LegalWise Challenges Unlawful Blocking of Identity Documents in the Gauteng High Court

LegalWise South Africa's Impact Litigation Unit (ILU) will be represented in the Gauteng High Court, Pretoria on Wednesday 20 September 2023, to seek an order declaring that the Department of Home Affairs' current practice of blocking identity documents is unlawful and unconstitutional. This pivotal case arises from LegalWise South Africa's application on behalf of its Members, whose identity documents have been blocked by the Department of Home Affairs, despite efforts to rectify the situation. “Many of our Members have endured the burden of blocked identity documents for a period ranging from 3 to 10 years, a process we find neither just nor reasonable, and which contravenes Section 33 of the Constitution as well as sections in the Promotion of Administrative Justice Act,” stated Litha Stwayi, Manager of LegalWise’s recently launched Impact Litigation Unit.

Section 33 of the Constitution unequivocally states that "everyone has the right to administrative action that is lawful, reasonable, and procedurally fair, and everyone whose rights have been adversely affected by administrative action has the right to be given written reasons."

When an individual's identity document is blocked, it casts a dark shadow over their lives. They are left in limbo, incapable of proving their identity, and deprived of the fundamental rights that come with citizenship and everyday life. Blocked identity documents hinder essential life activities such as marriage, banking, accessing medical aid, obtaining birth certificates for their children, seeking employment, applying for passports or driver's licenses, admission to hospitals, accessing healthcare, applying for social assistance through SASSA, enrolling in schools, and even exercising their right to vote. This infringement on the right to identification has a cascading effect on other constitutional rights, including equality, human dignity, citizenship, and freedom of movement.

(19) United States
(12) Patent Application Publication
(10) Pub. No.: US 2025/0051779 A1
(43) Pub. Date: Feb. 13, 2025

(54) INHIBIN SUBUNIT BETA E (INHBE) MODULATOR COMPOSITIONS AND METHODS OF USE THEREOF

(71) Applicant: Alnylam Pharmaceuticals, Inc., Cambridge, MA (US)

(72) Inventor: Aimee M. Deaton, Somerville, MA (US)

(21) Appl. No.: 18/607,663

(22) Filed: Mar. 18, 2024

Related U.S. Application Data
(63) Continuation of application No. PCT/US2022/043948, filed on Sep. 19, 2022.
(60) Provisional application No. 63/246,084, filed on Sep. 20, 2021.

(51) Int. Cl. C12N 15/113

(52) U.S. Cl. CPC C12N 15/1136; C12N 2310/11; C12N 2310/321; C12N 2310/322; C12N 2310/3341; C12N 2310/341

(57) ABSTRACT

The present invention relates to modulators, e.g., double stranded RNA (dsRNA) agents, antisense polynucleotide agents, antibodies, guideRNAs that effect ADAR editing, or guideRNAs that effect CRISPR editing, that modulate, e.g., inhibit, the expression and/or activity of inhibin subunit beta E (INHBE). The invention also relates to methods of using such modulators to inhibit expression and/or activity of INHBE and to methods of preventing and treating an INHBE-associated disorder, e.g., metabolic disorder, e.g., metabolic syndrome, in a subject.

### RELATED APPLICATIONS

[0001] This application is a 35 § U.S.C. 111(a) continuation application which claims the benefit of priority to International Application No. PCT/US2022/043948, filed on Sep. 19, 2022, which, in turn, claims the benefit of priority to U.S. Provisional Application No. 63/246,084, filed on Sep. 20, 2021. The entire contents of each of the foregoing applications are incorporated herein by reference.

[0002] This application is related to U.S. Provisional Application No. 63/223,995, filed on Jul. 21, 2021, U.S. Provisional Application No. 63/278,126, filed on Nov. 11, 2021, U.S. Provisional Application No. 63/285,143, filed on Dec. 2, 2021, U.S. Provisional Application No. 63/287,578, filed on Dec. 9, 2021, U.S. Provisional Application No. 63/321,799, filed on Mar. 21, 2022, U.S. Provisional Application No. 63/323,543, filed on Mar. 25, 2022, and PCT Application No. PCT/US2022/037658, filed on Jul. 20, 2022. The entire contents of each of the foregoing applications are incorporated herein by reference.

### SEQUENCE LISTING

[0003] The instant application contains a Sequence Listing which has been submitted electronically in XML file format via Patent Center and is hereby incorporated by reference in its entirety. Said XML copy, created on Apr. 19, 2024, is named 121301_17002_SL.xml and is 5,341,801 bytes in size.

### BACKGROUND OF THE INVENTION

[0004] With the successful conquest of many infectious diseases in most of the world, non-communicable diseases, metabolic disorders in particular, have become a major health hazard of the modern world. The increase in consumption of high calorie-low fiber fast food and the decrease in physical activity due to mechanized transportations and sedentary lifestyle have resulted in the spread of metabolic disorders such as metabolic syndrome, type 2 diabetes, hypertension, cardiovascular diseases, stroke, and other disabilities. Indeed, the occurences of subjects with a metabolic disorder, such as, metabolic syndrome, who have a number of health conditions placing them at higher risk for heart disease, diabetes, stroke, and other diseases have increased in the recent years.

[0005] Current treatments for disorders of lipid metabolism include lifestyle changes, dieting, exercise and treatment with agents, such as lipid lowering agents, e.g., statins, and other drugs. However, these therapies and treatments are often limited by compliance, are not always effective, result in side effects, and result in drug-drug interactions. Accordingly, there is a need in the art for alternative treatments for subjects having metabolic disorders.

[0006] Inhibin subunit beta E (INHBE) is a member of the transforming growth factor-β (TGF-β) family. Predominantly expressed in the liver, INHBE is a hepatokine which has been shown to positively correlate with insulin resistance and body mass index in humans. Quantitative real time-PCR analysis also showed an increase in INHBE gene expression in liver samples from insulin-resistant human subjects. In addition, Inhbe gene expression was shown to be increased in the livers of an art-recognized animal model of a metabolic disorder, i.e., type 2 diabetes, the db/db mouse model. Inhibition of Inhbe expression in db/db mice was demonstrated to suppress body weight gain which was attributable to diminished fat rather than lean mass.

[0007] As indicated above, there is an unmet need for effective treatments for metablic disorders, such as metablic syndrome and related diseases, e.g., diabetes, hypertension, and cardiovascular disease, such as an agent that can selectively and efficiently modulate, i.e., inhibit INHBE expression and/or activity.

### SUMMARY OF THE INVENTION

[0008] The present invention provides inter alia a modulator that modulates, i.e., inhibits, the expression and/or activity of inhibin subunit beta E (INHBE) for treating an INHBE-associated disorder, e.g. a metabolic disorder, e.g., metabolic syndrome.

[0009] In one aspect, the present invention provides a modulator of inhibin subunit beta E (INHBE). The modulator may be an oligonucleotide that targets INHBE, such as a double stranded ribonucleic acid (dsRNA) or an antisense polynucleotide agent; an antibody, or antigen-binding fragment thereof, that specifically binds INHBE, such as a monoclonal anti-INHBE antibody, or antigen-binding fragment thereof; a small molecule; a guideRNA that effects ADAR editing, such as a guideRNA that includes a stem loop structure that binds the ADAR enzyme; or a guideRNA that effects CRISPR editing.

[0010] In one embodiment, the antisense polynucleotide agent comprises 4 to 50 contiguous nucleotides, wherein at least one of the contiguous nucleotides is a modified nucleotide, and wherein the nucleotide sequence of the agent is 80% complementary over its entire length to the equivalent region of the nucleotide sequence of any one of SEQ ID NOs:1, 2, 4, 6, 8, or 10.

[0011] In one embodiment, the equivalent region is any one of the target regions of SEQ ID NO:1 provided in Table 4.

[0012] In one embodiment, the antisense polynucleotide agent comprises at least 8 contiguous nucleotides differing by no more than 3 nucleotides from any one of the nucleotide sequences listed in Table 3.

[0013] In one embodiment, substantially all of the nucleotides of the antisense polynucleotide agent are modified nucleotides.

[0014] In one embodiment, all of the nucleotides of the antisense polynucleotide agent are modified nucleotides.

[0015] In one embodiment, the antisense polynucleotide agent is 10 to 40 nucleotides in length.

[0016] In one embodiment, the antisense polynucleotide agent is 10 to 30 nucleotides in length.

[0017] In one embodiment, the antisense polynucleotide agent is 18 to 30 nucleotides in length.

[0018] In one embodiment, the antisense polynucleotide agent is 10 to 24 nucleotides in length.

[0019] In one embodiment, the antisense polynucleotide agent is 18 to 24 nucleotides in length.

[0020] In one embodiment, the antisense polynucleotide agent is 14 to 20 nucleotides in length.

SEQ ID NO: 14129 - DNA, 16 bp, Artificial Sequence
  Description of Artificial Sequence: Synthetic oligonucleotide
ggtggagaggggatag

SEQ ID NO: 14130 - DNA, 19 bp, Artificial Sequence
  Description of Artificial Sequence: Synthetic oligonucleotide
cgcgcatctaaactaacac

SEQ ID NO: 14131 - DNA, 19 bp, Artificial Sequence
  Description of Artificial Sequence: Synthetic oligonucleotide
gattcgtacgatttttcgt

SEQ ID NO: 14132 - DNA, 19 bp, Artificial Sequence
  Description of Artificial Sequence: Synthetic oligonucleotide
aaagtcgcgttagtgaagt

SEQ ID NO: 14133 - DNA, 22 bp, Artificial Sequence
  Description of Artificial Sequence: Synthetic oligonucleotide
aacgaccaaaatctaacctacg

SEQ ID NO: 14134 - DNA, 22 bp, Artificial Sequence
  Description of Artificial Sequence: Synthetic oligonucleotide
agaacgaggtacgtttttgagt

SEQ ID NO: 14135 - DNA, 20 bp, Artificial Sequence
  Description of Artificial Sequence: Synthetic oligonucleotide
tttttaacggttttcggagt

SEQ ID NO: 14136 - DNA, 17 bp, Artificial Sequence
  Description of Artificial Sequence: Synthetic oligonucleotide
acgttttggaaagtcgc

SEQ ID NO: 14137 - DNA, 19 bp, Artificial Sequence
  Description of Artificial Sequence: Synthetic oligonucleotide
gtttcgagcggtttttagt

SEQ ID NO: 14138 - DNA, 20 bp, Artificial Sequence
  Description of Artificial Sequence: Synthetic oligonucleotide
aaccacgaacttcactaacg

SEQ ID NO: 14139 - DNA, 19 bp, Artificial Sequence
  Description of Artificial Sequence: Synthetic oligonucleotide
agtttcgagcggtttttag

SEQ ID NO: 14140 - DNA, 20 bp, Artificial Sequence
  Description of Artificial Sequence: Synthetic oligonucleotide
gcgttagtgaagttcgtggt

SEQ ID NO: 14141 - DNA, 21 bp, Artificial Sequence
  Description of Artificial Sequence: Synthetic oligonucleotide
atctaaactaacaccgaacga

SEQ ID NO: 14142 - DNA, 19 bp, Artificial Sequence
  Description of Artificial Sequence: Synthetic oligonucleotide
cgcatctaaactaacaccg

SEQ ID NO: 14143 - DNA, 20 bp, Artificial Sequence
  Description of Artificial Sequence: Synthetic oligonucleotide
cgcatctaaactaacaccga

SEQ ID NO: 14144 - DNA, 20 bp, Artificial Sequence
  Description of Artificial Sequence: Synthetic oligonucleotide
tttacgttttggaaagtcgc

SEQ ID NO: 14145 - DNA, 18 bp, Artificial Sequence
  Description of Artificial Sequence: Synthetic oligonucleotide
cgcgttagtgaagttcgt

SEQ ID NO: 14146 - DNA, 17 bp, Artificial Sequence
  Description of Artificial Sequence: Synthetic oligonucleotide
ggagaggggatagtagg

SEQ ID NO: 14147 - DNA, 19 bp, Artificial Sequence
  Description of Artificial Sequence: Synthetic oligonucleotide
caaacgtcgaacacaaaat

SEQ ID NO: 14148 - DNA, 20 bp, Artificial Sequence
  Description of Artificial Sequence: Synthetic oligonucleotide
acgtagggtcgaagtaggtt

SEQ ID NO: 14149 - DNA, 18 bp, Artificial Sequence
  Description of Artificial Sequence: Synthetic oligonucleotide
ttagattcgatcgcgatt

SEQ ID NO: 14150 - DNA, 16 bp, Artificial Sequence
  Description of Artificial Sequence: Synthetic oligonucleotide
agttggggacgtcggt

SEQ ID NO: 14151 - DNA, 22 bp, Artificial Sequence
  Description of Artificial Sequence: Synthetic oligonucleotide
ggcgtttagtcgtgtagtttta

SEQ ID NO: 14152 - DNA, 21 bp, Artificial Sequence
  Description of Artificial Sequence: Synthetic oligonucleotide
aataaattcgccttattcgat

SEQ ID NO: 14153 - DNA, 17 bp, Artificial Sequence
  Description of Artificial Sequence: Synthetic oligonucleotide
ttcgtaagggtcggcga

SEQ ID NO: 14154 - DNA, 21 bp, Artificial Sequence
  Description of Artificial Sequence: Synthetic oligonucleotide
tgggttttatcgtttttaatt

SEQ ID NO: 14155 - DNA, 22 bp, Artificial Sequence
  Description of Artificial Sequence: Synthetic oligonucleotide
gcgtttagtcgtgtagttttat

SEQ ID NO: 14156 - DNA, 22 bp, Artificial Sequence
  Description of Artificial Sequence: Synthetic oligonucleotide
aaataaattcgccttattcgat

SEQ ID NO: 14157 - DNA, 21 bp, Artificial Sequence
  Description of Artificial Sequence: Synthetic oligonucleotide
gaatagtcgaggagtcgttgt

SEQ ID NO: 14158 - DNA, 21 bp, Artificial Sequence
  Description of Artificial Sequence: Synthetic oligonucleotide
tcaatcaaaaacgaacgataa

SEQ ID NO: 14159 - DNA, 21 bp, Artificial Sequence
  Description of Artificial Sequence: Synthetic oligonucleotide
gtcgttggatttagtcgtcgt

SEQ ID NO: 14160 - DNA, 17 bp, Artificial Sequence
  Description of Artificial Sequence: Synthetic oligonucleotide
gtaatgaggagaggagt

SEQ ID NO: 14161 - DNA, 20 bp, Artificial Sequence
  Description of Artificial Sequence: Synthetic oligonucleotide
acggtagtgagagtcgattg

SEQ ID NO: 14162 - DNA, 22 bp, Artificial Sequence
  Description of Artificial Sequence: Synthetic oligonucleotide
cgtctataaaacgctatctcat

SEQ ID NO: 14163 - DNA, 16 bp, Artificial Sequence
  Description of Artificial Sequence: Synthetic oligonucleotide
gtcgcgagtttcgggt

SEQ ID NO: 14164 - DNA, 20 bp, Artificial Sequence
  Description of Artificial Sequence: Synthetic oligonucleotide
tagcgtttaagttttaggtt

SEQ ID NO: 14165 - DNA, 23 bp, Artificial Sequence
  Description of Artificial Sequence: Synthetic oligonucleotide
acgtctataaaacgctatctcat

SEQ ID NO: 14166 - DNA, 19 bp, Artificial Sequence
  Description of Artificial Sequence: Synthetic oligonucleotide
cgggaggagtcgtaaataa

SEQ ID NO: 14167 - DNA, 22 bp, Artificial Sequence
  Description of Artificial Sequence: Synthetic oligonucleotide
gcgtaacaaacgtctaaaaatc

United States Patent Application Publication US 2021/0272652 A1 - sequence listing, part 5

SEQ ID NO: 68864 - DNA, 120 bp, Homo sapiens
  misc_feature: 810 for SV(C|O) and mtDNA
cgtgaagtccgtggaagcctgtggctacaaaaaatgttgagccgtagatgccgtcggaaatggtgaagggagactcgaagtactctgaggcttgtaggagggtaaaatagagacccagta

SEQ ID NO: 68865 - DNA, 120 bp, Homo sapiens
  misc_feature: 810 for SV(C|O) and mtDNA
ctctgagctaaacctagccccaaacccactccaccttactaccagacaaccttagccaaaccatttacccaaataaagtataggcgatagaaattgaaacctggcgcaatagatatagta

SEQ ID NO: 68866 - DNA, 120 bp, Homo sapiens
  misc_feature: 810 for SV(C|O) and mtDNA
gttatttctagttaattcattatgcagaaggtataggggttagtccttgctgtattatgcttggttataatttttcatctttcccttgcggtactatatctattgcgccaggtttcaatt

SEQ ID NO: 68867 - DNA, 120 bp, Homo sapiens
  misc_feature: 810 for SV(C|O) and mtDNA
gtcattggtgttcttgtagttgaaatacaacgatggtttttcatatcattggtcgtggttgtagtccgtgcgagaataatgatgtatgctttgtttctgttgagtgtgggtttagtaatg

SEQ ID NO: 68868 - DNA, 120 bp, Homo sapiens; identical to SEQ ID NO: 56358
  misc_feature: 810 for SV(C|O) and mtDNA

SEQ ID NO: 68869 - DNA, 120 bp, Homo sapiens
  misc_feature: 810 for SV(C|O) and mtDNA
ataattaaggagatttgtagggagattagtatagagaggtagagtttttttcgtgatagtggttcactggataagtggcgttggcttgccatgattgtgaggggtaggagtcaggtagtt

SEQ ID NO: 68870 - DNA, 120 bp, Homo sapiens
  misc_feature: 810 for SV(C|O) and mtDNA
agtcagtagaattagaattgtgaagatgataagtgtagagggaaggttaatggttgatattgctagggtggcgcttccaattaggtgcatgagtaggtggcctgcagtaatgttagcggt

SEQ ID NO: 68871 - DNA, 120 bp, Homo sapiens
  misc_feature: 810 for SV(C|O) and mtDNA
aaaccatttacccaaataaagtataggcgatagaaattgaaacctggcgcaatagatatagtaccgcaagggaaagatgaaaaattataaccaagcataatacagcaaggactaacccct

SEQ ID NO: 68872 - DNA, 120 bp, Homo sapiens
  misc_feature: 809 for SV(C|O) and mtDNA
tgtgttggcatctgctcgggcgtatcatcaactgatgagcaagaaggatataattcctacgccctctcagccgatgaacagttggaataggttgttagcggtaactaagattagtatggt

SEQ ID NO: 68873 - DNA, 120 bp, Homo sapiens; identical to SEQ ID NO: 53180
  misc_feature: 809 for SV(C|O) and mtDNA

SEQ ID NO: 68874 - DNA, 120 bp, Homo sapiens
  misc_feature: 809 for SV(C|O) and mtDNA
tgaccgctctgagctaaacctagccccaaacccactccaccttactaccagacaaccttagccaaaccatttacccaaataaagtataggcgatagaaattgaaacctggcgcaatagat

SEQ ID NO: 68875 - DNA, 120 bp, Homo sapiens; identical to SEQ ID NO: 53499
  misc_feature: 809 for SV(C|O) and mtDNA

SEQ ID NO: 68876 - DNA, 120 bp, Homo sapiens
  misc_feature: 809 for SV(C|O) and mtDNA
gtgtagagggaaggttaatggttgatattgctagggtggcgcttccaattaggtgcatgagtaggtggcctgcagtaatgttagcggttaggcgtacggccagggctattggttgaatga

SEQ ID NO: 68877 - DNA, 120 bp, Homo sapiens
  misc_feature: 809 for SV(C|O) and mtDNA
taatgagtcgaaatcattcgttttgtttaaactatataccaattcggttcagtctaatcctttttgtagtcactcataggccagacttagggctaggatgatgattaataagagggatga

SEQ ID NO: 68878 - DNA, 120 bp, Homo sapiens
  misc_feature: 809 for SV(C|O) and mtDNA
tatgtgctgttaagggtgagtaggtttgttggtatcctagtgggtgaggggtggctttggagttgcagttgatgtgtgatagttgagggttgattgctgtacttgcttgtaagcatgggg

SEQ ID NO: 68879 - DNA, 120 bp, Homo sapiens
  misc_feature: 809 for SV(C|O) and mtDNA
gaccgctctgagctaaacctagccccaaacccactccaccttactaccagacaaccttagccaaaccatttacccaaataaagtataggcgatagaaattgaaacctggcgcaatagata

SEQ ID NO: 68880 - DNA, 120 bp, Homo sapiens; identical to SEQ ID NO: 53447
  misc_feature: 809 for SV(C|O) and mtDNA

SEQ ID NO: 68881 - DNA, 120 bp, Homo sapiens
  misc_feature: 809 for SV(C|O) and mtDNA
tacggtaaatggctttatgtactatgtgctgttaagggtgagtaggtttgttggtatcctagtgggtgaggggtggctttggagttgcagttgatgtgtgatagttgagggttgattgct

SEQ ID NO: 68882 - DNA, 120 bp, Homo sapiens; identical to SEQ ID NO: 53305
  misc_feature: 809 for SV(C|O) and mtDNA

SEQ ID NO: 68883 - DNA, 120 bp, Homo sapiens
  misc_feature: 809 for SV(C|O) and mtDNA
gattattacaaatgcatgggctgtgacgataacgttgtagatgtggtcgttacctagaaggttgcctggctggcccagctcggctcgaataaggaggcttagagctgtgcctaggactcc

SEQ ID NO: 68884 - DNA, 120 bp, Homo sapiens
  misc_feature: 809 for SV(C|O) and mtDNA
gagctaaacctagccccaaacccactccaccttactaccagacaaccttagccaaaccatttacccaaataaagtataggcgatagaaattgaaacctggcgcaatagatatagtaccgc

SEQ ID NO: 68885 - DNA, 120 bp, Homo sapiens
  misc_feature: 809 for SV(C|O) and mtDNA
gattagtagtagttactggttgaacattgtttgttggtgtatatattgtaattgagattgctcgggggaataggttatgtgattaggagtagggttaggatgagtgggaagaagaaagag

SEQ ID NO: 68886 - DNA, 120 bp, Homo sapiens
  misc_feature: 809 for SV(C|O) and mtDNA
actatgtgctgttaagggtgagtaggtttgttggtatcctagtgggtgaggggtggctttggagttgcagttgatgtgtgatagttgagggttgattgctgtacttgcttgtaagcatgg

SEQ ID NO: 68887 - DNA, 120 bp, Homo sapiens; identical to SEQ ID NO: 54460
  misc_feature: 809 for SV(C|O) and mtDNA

In December 2020, the Minister of Home Affairs disclosed to Parliament that the Department of Home Affairs was grappling with over 800,000 cases of blocked identity documents. The reasons behind these blocks varied, ranging from duplicate identity documents (where one person has two identity numbers allocated to them); or where two people have the same identity number allocated to them to cases labelled as "fraudulent".

When individuals find their identity documents blocked, they are directed to submit an array of documents to validate their identity and citizenship. These documents may include birth records, school attendance records, affidavits or letters from teachers, traditional authorities, parents, grandparents' documents, and even DNA evidence. The core issue lies in the fact that, even after submission of these documents, the Department often fails to unblock the identity documents, leaving citizens without recourse and subjecting them to interminable waiting periods, sometimes spanning up to a decade. This protracted delay is in stark contradiction to our Constitution. ”The Department's assertion that the process takes 6 to 8 weeks starkly contrasts with the experiences of our Members, who have languished for 3 to 10 years without resolution. Crucially, none of our Members received prior notice of impending identity document blocks, nor were they afforded the opportunity to present their case for why their identity documents should not be blocked—direct violations of the rights to fair administration enshrined in Section 33 of the Constitution and the Promotion of Administrative Justice Act.”

“We hope through this application to compel the Department to create legislation and regulations that will provide legal certainty on the blocking and importantly unblocking of identity documents,” states Ms. Stwayi

For further information, please contact:

Litha Stwayi

Manager, Impact Litigation

LegalWise South Africa

010 271 2255

Lee Pillay

Manager, Media Relations

LegalWise South Africa (RF) Pty Ltd

010 271 2255